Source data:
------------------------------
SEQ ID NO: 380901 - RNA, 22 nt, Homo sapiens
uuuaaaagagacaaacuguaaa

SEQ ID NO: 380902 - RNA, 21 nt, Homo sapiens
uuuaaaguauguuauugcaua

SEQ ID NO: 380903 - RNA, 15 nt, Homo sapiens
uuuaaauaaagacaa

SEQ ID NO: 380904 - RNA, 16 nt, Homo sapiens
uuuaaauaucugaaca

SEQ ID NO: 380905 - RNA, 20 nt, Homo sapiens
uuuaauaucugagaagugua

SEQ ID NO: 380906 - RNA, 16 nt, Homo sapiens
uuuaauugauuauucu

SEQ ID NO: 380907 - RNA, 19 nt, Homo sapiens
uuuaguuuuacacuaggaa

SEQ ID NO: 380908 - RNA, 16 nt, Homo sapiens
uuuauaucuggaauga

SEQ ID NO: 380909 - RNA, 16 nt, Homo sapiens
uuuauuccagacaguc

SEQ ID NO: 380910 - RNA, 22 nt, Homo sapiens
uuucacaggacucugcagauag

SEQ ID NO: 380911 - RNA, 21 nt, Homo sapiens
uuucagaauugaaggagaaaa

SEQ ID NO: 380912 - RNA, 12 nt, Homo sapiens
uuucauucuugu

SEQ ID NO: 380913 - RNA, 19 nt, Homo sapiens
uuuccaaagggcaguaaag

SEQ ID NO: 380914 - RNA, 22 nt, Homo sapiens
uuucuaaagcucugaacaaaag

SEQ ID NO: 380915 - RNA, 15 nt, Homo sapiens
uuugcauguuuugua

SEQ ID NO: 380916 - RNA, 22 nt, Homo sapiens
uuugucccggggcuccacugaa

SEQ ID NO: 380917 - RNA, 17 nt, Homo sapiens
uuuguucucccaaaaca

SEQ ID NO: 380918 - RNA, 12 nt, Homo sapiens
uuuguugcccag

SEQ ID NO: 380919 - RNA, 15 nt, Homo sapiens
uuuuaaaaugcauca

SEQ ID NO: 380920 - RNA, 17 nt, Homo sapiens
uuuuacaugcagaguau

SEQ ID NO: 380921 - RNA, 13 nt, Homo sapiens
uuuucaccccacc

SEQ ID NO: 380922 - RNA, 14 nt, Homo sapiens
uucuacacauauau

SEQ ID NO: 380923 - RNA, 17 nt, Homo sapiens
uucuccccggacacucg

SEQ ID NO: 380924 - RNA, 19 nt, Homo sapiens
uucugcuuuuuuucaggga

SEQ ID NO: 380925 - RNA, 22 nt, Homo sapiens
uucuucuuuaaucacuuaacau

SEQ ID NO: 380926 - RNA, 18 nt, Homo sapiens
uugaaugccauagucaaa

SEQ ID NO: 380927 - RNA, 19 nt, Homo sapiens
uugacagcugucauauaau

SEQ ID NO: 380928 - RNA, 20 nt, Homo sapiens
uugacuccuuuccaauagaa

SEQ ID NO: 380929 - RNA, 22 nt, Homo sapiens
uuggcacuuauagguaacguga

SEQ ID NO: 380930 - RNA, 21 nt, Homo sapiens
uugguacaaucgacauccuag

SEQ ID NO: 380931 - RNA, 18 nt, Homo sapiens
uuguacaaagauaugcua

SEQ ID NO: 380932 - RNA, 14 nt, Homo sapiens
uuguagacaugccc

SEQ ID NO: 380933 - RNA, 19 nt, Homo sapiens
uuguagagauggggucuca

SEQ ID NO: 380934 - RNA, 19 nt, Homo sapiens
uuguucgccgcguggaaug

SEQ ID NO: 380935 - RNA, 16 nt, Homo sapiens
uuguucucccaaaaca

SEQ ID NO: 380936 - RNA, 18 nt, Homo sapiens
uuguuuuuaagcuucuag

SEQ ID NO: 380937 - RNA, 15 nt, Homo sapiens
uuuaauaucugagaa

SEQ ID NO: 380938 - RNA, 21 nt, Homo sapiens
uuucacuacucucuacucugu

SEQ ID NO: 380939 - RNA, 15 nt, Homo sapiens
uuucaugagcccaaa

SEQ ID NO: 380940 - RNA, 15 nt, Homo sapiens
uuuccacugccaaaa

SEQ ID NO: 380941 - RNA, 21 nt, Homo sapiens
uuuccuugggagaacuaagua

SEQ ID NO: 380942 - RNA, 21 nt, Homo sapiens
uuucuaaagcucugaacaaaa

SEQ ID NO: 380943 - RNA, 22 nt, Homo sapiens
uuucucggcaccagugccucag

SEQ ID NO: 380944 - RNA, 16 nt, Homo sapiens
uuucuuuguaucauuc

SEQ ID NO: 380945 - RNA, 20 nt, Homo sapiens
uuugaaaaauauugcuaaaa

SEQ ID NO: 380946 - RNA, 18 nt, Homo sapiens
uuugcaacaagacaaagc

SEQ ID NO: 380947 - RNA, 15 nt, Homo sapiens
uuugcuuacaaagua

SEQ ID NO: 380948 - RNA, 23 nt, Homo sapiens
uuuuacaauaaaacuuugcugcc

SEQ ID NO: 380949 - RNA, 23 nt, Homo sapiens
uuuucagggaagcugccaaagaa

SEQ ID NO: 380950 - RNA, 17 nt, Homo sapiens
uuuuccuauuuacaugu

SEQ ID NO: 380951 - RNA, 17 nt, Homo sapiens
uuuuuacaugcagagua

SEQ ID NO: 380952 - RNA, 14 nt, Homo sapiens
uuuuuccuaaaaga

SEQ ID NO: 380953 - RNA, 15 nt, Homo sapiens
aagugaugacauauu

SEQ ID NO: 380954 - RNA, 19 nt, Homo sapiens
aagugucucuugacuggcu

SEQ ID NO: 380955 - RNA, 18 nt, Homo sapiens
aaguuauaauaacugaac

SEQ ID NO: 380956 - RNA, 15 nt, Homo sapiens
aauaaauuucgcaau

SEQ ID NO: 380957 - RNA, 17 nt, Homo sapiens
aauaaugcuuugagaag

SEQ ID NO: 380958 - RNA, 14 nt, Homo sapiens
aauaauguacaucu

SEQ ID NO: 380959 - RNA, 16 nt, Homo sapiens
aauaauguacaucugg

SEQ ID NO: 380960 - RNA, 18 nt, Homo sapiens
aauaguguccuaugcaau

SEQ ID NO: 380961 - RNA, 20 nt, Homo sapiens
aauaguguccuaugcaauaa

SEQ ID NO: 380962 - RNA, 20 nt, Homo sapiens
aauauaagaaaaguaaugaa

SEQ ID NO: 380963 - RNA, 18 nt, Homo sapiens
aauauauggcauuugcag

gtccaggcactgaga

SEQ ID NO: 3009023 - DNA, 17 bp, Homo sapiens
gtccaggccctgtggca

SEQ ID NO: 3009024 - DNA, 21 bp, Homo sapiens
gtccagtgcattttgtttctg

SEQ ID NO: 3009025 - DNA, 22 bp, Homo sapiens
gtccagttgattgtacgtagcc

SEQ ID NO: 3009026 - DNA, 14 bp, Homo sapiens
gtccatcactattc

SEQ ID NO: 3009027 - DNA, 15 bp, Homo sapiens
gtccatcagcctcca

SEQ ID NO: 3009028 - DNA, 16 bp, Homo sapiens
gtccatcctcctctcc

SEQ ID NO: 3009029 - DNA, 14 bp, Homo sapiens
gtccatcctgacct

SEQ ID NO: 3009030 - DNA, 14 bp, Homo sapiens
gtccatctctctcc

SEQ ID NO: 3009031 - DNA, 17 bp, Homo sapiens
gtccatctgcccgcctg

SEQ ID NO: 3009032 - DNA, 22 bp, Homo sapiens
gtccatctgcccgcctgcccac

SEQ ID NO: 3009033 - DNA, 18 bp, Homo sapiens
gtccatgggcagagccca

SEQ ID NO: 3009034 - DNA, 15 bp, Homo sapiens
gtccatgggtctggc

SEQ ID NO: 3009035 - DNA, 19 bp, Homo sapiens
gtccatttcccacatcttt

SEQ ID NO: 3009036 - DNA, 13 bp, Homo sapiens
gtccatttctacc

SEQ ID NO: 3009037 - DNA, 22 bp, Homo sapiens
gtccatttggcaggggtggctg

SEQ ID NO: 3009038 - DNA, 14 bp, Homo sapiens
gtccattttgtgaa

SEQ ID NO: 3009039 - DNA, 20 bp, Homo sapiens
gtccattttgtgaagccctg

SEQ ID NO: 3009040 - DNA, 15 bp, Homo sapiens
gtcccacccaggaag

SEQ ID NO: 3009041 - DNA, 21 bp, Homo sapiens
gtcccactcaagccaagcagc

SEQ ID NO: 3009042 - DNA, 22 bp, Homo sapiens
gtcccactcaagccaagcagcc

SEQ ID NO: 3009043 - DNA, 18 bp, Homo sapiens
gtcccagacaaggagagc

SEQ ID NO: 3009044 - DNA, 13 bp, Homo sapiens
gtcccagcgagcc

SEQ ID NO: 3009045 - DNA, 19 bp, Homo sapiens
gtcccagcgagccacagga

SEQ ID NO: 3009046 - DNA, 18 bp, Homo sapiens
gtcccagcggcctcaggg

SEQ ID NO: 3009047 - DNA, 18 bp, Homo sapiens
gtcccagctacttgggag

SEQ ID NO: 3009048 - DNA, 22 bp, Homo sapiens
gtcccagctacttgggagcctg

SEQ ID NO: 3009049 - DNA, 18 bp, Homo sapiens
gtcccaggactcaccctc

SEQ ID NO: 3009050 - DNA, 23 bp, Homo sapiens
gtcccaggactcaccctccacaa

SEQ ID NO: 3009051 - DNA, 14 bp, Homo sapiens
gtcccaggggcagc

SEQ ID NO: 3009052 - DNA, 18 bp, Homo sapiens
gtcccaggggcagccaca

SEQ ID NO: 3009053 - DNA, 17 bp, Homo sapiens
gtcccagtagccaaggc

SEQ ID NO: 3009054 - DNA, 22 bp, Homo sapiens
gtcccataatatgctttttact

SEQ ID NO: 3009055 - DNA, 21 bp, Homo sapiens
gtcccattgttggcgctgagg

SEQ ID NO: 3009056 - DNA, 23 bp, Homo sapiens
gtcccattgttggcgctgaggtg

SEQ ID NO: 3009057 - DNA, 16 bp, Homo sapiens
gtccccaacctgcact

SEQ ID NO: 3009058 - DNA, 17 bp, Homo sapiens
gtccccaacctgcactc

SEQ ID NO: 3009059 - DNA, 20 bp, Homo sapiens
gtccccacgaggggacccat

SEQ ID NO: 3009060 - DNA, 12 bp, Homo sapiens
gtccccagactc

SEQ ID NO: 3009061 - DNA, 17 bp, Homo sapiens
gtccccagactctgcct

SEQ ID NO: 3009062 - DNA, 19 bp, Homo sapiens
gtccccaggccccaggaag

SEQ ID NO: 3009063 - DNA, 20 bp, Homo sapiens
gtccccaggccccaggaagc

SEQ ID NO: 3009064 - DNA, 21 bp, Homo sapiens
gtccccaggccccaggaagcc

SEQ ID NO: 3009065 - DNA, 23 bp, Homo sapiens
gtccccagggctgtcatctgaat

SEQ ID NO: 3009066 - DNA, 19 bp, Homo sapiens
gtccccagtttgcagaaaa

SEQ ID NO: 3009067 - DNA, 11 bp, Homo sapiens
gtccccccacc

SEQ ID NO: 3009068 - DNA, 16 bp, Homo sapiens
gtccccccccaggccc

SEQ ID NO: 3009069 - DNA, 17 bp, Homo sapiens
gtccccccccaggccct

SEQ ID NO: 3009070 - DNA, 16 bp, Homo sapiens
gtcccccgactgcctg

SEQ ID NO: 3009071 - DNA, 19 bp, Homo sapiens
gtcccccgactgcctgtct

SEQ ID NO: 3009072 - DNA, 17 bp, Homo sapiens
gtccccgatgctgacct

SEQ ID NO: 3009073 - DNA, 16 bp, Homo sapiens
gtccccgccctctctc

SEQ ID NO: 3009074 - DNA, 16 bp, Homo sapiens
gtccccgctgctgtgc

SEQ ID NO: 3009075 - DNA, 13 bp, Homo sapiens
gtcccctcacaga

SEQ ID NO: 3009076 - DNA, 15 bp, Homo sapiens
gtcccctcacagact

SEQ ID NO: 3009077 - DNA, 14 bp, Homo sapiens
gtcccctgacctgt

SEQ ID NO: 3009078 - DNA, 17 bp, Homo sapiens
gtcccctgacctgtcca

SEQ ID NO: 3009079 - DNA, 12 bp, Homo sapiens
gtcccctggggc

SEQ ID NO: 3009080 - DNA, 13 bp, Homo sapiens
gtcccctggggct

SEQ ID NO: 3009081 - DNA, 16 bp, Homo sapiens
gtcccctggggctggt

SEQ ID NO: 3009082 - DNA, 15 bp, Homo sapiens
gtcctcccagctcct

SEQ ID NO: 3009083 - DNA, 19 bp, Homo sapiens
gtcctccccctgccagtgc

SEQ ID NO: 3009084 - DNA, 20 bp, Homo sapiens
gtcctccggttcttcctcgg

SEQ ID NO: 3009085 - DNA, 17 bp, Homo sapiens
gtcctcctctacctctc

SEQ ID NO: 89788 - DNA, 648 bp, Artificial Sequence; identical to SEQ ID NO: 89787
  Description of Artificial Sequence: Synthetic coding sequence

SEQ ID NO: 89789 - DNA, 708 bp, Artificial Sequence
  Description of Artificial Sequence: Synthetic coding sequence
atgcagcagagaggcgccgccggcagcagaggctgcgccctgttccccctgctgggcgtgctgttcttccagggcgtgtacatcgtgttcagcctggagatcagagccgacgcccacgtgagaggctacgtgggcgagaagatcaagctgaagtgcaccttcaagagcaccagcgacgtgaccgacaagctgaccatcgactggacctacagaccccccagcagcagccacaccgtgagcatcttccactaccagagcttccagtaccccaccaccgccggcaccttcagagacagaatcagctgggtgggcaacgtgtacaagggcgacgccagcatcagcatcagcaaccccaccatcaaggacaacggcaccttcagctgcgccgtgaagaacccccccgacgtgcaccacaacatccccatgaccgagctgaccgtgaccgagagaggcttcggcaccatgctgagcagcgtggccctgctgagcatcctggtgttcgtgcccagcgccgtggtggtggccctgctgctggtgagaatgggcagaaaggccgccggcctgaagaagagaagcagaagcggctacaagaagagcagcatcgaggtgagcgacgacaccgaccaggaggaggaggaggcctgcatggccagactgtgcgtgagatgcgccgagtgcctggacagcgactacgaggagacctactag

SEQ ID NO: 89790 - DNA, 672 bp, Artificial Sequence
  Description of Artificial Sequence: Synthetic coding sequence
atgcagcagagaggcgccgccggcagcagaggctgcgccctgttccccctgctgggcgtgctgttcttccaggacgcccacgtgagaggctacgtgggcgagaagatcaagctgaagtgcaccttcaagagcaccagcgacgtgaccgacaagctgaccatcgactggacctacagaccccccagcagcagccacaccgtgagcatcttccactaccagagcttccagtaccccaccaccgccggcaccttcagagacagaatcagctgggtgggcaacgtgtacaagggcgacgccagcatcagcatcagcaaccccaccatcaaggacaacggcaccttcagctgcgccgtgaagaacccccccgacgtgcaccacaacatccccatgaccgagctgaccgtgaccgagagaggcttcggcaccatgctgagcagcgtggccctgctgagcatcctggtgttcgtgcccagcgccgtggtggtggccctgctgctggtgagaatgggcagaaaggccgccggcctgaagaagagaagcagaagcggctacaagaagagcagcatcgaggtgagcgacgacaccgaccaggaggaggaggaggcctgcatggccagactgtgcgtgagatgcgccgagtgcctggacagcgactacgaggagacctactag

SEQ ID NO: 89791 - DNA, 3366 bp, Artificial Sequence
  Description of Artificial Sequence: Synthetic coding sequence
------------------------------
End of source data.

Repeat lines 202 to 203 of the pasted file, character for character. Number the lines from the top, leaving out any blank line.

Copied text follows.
SEQ ID NO: 3009060 - DNA, 12 bp, Homo sapiens
gtccccagactc